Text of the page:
I added my own implementation not because yours didn't work, but to show how you could delegate responsibilities to classes which reflect the problem domain, making the code a bit more readable (though considerably longer with boilerplate getters and setters).

My implementation of your program would be something like:

import java.io.FileNotFoundException;
import java.io.FileReader;
import java.io.PrintWriter;
import java.util.Scanner;

public class Ex7 {
    /**
     * One transaction record in the file Should be format "int double\n"
     * Note that interpreting a double is locale dependent, on my machine
     * I need "12,24" whereas a US locale might require "12.24"
     */
    public static class Transaction {
        double amount;
        int type; // Prefer an enum here...

        public void read(Scanner scanner) {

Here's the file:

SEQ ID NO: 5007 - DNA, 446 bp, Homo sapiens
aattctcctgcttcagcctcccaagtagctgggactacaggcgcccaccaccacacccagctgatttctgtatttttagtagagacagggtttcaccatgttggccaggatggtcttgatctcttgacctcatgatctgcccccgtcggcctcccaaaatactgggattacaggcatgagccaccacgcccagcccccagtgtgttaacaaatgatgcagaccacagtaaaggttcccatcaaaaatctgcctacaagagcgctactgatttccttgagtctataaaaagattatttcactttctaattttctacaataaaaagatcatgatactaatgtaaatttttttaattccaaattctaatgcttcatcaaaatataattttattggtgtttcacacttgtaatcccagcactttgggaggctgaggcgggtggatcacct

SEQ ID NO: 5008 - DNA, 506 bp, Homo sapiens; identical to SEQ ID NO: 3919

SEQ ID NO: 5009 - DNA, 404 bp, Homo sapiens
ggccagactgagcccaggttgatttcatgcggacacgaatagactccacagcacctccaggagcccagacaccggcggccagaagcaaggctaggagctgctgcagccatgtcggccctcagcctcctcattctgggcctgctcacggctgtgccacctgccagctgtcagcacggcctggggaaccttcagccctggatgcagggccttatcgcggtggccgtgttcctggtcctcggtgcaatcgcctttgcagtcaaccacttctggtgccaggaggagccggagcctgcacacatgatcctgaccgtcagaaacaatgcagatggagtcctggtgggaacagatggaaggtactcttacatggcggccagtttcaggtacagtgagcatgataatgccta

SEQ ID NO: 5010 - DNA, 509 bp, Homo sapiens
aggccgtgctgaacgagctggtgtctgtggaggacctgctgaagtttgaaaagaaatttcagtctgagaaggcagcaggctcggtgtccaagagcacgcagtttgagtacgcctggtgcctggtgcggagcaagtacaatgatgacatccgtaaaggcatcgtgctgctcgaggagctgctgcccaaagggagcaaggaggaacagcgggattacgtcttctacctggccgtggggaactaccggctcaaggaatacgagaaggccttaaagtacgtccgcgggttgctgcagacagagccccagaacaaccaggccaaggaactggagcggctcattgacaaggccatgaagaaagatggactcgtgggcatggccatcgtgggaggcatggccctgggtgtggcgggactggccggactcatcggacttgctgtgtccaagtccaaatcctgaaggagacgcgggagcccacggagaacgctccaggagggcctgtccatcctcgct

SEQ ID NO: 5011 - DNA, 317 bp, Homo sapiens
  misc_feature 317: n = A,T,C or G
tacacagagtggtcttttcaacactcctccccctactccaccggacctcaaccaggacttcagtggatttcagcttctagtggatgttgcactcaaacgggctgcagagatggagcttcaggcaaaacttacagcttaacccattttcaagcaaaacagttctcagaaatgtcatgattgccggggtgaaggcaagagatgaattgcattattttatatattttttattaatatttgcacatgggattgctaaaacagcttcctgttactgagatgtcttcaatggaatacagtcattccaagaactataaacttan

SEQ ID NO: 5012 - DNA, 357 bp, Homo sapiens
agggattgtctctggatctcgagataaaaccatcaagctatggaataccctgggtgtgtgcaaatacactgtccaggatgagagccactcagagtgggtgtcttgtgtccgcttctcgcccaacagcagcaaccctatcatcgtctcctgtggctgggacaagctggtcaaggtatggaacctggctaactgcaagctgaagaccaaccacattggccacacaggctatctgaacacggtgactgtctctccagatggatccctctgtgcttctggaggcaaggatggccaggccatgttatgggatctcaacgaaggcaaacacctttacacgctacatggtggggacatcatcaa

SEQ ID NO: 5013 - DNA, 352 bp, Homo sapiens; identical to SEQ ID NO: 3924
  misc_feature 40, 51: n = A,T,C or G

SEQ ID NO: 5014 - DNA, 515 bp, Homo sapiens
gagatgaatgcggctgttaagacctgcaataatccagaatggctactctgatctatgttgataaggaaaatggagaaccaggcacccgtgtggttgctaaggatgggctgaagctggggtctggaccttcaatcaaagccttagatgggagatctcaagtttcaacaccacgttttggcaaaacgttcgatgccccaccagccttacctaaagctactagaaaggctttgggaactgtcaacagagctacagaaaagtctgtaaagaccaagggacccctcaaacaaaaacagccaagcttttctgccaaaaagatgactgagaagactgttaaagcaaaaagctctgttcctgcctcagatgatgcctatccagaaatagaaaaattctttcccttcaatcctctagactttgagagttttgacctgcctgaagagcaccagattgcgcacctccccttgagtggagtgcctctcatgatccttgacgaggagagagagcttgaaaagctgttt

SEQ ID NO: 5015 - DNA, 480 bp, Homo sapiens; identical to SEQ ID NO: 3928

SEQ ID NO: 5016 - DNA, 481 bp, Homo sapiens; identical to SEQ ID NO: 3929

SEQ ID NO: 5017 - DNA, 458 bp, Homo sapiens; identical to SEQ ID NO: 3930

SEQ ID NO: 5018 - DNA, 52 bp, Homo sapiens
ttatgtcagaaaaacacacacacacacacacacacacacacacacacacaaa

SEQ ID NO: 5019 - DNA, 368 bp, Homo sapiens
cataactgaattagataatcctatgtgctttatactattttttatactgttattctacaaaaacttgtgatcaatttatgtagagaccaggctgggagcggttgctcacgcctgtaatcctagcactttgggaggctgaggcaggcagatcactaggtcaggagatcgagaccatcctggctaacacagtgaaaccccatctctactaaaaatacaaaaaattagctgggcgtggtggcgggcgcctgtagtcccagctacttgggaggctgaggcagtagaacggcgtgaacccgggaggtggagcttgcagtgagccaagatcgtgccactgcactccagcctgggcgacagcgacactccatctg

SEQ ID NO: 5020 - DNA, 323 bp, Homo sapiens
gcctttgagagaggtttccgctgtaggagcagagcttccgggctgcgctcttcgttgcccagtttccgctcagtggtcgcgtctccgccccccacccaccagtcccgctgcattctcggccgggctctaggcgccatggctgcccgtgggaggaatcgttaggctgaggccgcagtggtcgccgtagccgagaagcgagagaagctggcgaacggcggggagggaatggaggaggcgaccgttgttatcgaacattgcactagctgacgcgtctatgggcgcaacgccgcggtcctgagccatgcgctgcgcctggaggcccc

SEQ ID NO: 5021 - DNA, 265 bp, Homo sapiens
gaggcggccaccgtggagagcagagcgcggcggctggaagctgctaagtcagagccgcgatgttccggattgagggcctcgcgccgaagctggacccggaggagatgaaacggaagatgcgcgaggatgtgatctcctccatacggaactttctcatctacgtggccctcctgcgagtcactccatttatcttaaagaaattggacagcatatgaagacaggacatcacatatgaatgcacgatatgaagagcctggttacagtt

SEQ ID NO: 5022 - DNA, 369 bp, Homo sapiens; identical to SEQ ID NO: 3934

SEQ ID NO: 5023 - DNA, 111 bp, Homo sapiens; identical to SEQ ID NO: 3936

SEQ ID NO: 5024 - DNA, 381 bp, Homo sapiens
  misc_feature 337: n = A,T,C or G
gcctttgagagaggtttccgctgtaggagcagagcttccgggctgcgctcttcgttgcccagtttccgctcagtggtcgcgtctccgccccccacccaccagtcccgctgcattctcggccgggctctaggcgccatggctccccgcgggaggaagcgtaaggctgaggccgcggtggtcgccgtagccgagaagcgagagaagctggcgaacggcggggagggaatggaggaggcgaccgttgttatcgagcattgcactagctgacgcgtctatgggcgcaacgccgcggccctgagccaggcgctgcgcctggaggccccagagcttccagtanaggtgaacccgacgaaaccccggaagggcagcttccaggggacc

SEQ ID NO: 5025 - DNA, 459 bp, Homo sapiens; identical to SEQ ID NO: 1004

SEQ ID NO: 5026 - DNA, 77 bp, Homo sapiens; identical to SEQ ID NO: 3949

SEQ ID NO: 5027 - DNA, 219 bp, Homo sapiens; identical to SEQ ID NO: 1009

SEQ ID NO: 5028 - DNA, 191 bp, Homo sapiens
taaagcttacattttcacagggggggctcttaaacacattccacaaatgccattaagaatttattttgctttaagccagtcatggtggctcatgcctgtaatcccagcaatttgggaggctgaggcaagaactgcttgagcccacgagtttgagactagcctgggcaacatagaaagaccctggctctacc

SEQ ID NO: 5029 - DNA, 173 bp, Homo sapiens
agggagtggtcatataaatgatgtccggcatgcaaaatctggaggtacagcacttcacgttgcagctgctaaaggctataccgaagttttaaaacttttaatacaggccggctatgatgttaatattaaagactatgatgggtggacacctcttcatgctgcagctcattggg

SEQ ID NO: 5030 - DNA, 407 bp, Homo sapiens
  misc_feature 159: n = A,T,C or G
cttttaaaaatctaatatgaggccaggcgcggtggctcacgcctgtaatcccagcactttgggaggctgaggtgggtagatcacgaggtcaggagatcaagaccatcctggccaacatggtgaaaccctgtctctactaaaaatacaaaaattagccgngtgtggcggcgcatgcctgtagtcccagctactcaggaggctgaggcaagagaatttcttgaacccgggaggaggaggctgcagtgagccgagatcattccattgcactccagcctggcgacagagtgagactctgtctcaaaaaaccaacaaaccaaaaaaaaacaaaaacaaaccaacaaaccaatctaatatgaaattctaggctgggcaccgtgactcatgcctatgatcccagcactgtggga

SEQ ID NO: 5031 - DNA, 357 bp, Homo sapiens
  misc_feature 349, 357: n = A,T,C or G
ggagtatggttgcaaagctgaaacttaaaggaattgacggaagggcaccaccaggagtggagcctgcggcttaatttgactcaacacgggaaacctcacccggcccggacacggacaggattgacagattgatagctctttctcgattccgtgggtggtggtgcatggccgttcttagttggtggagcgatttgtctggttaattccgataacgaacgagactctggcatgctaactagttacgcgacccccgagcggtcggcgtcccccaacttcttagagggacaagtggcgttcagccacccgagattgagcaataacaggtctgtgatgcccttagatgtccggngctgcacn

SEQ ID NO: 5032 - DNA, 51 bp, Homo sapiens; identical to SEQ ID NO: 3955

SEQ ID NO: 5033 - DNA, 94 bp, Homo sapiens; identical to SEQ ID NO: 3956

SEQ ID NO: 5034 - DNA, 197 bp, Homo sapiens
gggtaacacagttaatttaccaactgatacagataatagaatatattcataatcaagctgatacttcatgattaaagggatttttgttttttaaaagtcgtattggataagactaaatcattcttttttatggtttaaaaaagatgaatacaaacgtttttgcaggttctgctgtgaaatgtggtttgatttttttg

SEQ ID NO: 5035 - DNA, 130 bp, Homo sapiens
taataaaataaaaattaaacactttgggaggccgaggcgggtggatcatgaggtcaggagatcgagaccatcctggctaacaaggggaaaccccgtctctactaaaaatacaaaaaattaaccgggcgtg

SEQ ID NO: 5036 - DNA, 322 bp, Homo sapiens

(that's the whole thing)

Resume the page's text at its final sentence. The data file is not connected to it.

setAmount(scanner.nextDouble());
            setType(scanner.nextInt());
        }

        public int getType() {
            return type;
        }

        public void setType(int type) {
            this.type = type;
        }

        public double getAmount() {
            return amount;
        }

        public void setAmount(double amount) {
            this.amount = amount;
        }

        @Override
        public String toString() {
            return String.format("Transaction(type=%d, amount=%.2f)", type, amount);
        }
    }

    /**
     * Account information and processing Account file format: Line 1
     * "int double\n" account number start balance Line 2-... "double int\n"
     * transaction amount transaction type.
     * Type 1=deposit, 2=interest
     * 3=withdrawal
     */
    public static class Account {
        int accountNum;
        double startBalance;
        double currentBalance;